Last time, I shared a non-apparatus training routine for upper body. In this post, we’ll concentrate on lower body.


Sprinting uphill is a great hamstring, quad, and calf builder. You’ll always want to warm up prior to sprinting with a light jog. You’ll do a series of sprints, increasing your speed with each consecutive sprint until you eventually get to the point where you are running as fast as you can up the hill. Be sure that you find a steep hill. A slight hill will not build the desired level of muscle. You’ll increase the number of sprints you do over time in each session. You might start with 10 sprints per session, then work to 12, then to 15. Aim to do sprints at least twice per week.

An alternate to uphill sprints are step or stair lunges. In this technique, you will lunge up stairs or steps. You will begin at the bottom of a set of stairs and as you lunge, you will lunge over one step. This means that you skip a step with each lunge. Be sure that you are moving slowly and controlled. Aim to find steps which will allow you to complete 20-22 lunges. When you reach the top, your heart will be beating almost out of your chest, but by the time you walk back to the bottom of the stairs, you should feel ready to go again.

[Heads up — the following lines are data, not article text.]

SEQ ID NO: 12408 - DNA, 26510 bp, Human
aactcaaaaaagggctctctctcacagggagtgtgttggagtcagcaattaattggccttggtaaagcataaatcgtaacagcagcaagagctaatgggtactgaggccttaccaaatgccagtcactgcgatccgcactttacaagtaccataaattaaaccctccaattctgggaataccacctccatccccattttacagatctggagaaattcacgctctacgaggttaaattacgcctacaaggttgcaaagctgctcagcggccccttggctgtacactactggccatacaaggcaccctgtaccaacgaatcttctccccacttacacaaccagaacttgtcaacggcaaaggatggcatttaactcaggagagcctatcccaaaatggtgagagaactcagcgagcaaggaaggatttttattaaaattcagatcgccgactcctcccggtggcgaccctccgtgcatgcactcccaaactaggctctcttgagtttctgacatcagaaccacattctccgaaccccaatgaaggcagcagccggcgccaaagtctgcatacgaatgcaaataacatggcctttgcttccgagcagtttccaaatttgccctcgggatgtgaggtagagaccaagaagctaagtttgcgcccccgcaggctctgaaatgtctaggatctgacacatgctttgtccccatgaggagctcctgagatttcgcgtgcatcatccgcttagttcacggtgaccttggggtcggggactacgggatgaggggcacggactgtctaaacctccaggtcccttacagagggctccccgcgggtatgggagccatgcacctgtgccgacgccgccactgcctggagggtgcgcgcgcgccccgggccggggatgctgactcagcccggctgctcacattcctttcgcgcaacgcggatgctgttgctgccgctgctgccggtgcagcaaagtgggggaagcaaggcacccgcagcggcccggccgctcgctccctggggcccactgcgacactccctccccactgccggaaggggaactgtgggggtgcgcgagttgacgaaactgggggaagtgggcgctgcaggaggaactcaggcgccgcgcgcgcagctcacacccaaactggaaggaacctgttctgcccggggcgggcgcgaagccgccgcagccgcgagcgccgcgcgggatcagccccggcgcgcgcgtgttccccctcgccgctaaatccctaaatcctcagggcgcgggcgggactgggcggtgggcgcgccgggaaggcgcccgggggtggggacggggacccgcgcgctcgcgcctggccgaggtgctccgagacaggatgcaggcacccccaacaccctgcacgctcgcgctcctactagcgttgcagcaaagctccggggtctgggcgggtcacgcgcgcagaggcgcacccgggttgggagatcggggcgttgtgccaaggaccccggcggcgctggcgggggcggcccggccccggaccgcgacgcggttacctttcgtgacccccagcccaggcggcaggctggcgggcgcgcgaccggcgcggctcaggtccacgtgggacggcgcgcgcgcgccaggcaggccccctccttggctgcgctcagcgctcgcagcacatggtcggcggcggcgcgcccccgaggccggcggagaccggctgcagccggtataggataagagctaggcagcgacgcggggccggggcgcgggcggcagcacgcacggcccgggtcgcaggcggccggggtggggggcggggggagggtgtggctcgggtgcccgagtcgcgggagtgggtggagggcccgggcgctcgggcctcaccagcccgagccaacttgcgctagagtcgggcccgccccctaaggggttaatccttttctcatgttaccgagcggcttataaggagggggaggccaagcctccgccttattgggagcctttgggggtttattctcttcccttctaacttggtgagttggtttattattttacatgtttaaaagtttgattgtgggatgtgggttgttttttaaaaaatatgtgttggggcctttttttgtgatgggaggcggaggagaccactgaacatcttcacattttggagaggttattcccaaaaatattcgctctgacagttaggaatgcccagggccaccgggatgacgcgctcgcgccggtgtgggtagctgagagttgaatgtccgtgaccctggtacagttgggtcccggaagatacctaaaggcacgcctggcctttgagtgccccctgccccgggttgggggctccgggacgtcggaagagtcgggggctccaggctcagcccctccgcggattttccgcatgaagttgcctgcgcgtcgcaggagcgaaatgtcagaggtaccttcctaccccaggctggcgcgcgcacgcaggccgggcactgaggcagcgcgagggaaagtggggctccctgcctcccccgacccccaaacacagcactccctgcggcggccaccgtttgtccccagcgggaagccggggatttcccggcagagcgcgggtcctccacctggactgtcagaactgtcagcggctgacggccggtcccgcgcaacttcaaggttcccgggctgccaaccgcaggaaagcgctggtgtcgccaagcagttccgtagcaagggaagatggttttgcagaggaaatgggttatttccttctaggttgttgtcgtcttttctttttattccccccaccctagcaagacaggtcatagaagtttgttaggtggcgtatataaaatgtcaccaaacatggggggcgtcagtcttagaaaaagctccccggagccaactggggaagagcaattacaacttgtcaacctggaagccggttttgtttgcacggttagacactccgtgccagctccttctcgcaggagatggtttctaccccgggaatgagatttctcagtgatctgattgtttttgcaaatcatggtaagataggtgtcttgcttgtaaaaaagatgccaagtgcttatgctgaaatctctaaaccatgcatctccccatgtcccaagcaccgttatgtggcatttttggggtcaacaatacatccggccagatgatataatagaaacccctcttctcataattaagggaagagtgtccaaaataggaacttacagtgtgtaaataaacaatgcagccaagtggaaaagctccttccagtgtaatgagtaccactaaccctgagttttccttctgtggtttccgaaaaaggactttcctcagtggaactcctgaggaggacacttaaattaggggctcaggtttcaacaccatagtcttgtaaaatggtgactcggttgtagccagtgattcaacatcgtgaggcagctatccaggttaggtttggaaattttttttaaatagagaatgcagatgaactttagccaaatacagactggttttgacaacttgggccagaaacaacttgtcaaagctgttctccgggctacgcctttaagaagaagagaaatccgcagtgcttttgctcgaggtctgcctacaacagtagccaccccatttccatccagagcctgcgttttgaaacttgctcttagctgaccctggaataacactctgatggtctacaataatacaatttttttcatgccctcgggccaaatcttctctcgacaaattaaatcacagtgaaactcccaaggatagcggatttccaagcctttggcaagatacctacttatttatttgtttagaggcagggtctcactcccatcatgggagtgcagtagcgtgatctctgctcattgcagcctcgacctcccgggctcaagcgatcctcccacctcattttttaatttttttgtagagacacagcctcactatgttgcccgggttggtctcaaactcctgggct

I’ve used non-apparatus techniques in my own career and found that they’ve made a huge difference. I’ve used them for periods of 6-8 months at a time, relying mostly on hill sprints for leg work. At a contest following use of non-apparatus techniques in training, someone came up to me and asked what I had been doing differently—that I must have been doing something special to be in that kind of shape. Needless to say, they were very impressed and I think you will be too when you implement these techniques in your own training.

You’ll have to be willing to do these techniques by yourself, as you won’t find many people who will be willing to run uphill sprints with you. These techniques are brutal, but in the end, they will definitely pay off. I’ve seen my leg press increase by 50 lbs. by doing nothing but lunges. I discovered this by accident when due to an injury I was unable to do squats. I decided to do lunges one-leg-at-a-time across a parking lot. I did this for about 8-9 weeks. When I came back from my injury and saw the dramatic gains in my leg press strength, I realized for the first time what a powerful tool lunges are.

I am eager to share more with you about lunges and how they can take the look of your legs to the next level. In my next blog post, I’ll have more info about different kinds of lunge techniques to mix up your training and keep your leg muscles challenged.

Until then, keep training hard.

Jack King